Major macro economic indicatorS
|2014||2015||2016 (f)||2017 (f)|
|GDP growth (%)||6.1||5.8||6.0||6.0|
|Inflation (yearly average) (%)||4.2||1.4||2.0||3.4|
|Budget balance (% GDP)||0.9||0.2||-0.4||-1.5|
|Current account balance (% GDP)||3.8||2.9||1.8||1.4|
|Public debt (% GDP)||36.4||36.3||34.8||33.8|
- Electronics is a key driver of Philippines’ exports (50% of exports)
- Important role of Overseas Filipinos (OF) remittances.
- The business process outsourcing (BPO) sector is thriving.
- Low rates of investment. Inadequate and outdated infrastructures.
- Governance shortcomings remain and high level of corruption
- Inequalities and strong demographic growth.
Growth should remain strong despite adverse weather conditions
In 2017, the economy is expected to remain vigorous with household consumption, which should continue to be the main driver (70% of GDP). Consumption is expected to continue benefiting from substantial expatriate remittances and rapid credit growth. Purchasing power should not be penalized by inflation, which stays at moderate level, though increasing, and is in line with Central bank target rate (2-4%). Investment is still on the right path, following the new government's plans to dedicate 5% of its federal budget allocation to infrastructure development through public/private partnerships (allocations to Ministry of Transport have increased more than three-fold since 2011). Transport, communication and storage will be dynamic sectors. In 2016, the agricultural sector had suffered from high temperatures caused by El Niño, which caused a loss of 4.5% of overall production only between January and May 2016. However, in 2017, weather should improve with El Niña.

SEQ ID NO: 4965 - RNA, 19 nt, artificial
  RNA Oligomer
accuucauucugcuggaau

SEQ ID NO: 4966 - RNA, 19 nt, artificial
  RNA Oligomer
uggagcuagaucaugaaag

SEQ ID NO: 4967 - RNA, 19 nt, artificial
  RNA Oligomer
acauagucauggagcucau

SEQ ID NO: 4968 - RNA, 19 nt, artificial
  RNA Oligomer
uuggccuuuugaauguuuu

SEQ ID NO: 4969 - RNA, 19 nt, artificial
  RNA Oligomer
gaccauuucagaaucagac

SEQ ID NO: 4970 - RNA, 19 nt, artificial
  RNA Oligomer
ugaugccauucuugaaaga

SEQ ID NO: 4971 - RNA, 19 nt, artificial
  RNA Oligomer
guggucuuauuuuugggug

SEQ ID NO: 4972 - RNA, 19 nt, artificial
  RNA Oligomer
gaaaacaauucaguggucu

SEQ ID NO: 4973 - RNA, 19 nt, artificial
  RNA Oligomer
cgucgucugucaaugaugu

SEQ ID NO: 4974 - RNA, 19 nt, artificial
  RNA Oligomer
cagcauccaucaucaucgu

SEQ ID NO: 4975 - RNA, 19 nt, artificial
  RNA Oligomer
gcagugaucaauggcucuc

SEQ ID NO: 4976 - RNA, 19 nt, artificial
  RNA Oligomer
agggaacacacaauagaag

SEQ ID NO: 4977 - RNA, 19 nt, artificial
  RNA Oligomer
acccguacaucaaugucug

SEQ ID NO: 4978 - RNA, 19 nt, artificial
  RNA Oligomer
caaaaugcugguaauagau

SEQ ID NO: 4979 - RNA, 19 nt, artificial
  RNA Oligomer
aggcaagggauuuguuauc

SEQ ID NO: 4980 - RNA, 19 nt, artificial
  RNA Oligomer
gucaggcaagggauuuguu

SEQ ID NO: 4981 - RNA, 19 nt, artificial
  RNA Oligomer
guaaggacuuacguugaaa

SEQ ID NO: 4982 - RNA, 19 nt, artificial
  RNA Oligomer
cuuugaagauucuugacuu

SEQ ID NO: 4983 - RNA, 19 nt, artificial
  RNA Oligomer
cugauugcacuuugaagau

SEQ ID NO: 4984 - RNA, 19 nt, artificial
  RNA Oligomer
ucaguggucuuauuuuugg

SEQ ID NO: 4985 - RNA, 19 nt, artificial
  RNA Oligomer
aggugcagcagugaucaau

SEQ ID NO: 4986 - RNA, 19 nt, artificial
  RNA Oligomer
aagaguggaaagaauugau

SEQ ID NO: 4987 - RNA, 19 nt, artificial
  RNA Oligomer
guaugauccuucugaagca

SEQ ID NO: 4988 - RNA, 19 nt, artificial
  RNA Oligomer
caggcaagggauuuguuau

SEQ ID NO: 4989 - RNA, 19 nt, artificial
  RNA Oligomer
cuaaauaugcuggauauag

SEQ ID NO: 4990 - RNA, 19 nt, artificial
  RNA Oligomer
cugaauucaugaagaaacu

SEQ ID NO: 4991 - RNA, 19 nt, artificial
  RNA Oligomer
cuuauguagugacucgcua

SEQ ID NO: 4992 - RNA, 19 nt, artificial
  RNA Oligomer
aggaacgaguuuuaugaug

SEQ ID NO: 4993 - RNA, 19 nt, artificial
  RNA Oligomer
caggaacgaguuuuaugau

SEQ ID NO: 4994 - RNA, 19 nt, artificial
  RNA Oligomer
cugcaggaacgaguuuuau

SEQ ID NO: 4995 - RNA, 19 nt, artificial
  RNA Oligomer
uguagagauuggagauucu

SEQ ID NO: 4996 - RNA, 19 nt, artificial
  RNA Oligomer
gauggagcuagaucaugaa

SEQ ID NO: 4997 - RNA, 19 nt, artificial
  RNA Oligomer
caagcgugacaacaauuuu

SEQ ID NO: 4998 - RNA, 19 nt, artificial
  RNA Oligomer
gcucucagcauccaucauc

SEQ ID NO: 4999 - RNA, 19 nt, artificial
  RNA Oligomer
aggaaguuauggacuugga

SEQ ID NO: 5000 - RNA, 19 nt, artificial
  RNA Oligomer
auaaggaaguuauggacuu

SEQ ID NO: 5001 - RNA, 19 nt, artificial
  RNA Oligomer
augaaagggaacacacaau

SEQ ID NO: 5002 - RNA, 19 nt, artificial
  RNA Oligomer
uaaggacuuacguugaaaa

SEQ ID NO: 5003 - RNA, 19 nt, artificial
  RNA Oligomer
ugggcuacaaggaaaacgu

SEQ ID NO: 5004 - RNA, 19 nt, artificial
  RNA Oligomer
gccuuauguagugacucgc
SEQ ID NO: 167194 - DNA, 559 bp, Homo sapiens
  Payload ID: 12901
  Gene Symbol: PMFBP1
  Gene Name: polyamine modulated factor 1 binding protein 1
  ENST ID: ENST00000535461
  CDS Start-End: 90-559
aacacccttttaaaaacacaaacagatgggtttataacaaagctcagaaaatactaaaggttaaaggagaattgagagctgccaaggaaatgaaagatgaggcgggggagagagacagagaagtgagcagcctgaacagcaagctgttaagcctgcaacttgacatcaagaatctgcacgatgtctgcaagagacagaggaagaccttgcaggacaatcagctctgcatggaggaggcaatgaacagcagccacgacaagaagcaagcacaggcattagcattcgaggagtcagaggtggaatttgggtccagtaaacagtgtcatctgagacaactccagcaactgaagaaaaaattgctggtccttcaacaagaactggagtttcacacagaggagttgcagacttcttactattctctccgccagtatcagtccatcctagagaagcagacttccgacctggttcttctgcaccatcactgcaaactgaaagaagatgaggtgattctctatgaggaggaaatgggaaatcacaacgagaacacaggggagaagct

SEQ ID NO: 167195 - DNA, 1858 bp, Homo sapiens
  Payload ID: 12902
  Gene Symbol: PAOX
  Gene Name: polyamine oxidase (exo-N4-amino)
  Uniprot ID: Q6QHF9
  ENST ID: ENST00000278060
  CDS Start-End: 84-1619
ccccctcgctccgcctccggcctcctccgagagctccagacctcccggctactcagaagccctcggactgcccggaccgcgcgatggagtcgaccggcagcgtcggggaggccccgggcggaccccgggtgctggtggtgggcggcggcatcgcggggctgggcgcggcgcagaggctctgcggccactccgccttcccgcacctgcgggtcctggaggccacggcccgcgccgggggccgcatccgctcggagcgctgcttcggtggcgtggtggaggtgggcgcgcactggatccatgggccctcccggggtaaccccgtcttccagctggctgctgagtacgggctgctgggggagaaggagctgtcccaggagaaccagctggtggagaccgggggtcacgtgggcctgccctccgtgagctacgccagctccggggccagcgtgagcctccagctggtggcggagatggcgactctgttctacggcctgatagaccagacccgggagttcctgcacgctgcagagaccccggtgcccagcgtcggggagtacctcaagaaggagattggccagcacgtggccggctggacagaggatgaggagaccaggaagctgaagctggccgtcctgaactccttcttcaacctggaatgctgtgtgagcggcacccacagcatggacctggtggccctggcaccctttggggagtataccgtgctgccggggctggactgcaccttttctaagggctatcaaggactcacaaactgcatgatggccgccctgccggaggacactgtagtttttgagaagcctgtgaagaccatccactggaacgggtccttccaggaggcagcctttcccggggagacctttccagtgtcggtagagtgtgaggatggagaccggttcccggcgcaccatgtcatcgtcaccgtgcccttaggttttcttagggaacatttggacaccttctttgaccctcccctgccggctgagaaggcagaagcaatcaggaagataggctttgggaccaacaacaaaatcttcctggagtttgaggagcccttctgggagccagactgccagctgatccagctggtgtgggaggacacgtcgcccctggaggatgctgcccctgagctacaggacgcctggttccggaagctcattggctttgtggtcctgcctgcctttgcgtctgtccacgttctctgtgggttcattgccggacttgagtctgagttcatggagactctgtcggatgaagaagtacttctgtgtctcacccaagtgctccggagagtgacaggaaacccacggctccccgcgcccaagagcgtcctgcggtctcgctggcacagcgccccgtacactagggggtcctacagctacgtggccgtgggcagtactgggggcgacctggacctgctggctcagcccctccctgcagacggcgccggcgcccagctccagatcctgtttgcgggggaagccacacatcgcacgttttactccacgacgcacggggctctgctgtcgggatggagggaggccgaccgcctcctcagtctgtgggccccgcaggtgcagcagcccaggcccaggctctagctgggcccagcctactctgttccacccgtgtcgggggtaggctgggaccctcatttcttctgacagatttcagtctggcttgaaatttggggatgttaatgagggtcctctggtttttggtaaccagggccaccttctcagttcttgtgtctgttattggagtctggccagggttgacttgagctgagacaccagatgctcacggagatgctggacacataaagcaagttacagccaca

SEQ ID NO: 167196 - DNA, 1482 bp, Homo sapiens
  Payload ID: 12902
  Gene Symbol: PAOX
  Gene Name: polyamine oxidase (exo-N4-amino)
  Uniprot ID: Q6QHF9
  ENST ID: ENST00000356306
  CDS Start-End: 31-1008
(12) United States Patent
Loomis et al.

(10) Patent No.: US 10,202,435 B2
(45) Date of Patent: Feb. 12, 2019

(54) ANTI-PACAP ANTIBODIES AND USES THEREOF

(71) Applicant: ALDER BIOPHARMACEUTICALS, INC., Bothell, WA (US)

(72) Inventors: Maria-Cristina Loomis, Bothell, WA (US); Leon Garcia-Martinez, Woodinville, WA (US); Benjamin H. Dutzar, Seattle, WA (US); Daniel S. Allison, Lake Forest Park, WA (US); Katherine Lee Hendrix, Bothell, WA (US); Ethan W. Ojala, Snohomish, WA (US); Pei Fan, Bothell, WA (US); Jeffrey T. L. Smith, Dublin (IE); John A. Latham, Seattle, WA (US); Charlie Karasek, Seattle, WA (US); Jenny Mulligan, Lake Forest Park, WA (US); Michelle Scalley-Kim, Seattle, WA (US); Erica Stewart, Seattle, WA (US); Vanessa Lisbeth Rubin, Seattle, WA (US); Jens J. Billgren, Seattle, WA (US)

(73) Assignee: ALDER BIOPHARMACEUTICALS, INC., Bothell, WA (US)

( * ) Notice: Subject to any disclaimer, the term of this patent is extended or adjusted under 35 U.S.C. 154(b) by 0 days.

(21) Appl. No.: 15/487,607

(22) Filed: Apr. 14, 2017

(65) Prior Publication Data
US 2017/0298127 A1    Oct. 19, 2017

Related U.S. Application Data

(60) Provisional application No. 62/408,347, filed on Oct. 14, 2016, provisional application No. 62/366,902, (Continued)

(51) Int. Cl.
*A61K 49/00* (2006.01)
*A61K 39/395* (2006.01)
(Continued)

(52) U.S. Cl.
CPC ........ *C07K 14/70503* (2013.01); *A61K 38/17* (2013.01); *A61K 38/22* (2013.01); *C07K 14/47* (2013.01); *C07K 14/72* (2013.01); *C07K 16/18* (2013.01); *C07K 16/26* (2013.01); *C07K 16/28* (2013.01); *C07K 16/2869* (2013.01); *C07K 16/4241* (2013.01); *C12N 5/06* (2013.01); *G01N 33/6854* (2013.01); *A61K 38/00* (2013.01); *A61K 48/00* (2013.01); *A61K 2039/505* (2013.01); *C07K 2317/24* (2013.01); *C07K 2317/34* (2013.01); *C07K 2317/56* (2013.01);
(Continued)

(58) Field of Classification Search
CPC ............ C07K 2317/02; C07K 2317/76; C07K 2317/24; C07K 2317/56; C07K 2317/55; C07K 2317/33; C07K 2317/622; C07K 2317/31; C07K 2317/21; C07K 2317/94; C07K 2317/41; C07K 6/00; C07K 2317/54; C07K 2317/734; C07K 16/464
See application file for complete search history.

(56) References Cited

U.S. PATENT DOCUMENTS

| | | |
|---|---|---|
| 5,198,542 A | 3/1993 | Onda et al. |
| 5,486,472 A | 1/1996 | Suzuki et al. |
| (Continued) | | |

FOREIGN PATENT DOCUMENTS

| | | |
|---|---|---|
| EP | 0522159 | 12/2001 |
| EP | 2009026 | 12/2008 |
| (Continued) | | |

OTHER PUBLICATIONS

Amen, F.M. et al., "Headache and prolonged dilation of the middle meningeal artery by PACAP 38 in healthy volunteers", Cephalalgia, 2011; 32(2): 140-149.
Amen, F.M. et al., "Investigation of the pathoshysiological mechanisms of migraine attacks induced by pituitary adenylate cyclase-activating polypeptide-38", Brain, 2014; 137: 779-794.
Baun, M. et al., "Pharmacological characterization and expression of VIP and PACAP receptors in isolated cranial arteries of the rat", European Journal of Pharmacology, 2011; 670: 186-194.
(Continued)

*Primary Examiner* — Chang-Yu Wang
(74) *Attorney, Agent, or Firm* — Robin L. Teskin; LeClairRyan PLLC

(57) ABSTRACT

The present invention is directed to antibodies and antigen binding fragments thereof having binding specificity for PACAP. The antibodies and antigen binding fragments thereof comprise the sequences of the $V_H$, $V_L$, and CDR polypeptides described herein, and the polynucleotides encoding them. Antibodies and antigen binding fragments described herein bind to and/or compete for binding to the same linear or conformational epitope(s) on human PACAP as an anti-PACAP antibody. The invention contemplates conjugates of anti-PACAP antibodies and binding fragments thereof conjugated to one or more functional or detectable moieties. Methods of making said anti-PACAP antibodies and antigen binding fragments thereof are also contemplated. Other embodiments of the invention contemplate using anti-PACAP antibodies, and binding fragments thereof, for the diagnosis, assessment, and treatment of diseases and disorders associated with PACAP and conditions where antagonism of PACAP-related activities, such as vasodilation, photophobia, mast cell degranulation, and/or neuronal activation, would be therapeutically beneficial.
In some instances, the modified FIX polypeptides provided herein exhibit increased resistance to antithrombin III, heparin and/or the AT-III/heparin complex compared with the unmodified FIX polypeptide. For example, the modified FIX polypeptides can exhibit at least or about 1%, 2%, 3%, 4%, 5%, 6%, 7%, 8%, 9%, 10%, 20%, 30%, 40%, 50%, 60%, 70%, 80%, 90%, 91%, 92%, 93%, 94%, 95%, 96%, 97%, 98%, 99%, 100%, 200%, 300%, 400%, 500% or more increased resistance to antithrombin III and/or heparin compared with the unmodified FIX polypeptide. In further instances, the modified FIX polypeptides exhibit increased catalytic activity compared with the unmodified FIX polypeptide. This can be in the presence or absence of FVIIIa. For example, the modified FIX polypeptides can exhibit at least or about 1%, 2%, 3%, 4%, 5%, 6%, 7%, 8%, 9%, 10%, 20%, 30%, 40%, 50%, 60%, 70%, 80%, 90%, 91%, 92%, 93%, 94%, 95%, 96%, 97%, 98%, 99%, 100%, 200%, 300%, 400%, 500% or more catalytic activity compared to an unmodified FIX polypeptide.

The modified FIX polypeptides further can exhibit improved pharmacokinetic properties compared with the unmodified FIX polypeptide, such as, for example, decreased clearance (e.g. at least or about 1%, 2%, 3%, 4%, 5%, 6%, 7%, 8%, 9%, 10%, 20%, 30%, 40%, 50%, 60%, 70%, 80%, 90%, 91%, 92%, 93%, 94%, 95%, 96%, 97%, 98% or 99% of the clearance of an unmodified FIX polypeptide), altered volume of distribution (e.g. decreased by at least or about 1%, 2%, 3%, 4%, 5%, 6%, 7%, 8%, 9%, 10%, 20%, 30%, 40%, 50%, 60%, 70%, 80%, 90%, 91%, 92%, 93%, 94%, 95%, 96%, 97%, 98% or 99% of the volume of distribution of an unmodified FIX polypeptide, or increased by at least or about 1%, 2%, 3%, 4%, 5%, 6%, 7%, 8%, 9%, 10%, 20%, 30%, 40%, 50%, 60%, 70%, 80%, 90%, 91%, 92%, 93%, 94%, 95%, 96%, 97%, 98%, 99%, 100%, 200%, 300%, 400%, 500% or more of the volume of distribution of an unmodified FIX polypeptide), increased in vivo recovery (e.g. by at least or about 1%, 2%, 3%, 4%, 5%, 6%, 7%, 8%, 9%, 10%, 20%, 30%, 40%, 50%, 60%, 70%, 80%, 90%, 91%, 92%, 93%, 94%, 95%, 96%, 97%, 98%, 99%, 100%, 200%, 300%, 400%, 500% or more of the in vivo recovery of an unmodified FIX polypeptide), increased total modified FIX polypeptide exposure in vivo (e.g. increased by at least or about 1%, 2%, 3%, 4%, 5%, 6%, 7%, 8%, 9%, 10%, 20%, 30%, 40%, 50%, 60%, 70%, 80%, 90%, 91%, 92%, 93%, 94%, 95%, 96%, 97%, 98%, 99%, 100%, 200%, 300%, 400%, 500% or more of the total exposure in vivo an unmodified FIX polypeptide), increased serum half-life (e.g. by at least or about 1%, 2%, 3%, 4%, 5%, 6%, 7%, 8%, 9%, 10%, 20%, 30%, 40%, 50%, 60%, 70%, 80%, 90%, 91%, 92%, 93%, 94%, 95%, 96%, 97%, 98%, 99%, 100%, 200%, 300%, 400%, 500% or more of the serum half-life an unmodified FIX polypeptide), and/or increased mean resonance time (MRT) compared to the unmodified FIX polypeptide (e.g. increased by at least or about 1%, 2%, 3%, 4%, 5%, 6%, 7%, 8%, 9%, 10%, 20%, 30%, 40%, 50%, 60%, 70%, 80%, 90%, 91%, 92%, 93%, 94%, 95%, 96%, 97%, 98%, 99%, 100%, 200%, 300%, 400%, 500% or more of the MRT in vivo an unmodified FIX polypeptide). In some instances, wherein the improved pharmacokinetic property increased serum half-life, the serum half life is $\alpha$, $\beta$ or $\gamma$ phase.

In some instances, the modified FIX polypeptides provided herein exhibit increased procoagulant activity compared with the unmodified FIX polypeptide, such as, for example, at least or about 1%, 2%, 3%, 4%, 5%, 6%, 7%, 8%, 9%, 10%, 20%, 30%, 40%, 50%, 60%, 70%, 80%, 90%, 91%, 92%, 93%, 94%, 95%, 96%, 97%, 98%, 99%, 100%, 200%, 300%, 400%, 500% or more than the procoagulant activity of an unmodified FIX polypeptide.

The financial situation of the country remains safe and sound
The budget balance is likely to deteriorate in 2017, following increased spending for the reconstruction and development of infrastructures. However, public debt should continue to shrink. Furthermore, although government has encountered difficulties of budget execution and public expenditures were lower than projected in 2016, the latter is likely to bounce considering the federal budget for 2017 that is supposed to hinge on public investment.
Regarding external accounts, current account should keep on a positive track in 2017. Nevertheless, the trade balance should worsen due to the rapid rise in imports stimulated both by household consumption and the input needs for industry, particularly in the telecommunications sector, which is driven by business process outsourcing sector. In the same time, poor results in electronics sector imply that exports are meant to decrease due to the large share of this sector in country’s exports. Remittances are robust in 2016 and this trend is likely to continue. Foreign investors remain cautious as evidenced by the position of Philippines peso to US dollar. In this context, foreign currency reserves of the central bank remain high. Reform of the banking sector has enabled a considerable reduction in the ratio of non-performing loans
The new president of the Philippines, committed to keeping his campaign promises is an unusual political figure
Rodrigo Duterte, former mayor of Davao, was elected to the presidency on 9 May 2016 to succeed Benigno Aquino. He won a surprising victory against his opponent, Manuel Roxas, the outgoing president's favourite. The new president has initiated reconciliation with the Chinese authorities at the risk of distancing the country from its traditional ally, the United States, in order to ease tensions regarding conflict in the South China Sea. Cooperation with neighbouring countries in combatting terrorism and piracy is being intensified, and there is a move to develop an alliance with Indonesia and Malaysia.
Following the bomb blast at Davao in September 2016, which was claimed by the radical Abu Sayyaf group, Rodrigo Duterte declared the state of lawlessness. To this statement, one may also add the president’s fallacious discourses that could lead to a distrust of foreign markets.
Eventually, a peace process has begun with the Moro National Liberation Front (MNLF) and the Moro Islamist Liberation Front (MILF), which is aimed at bringing an end to the conflict in the southern Philippines.
Last update : January 2017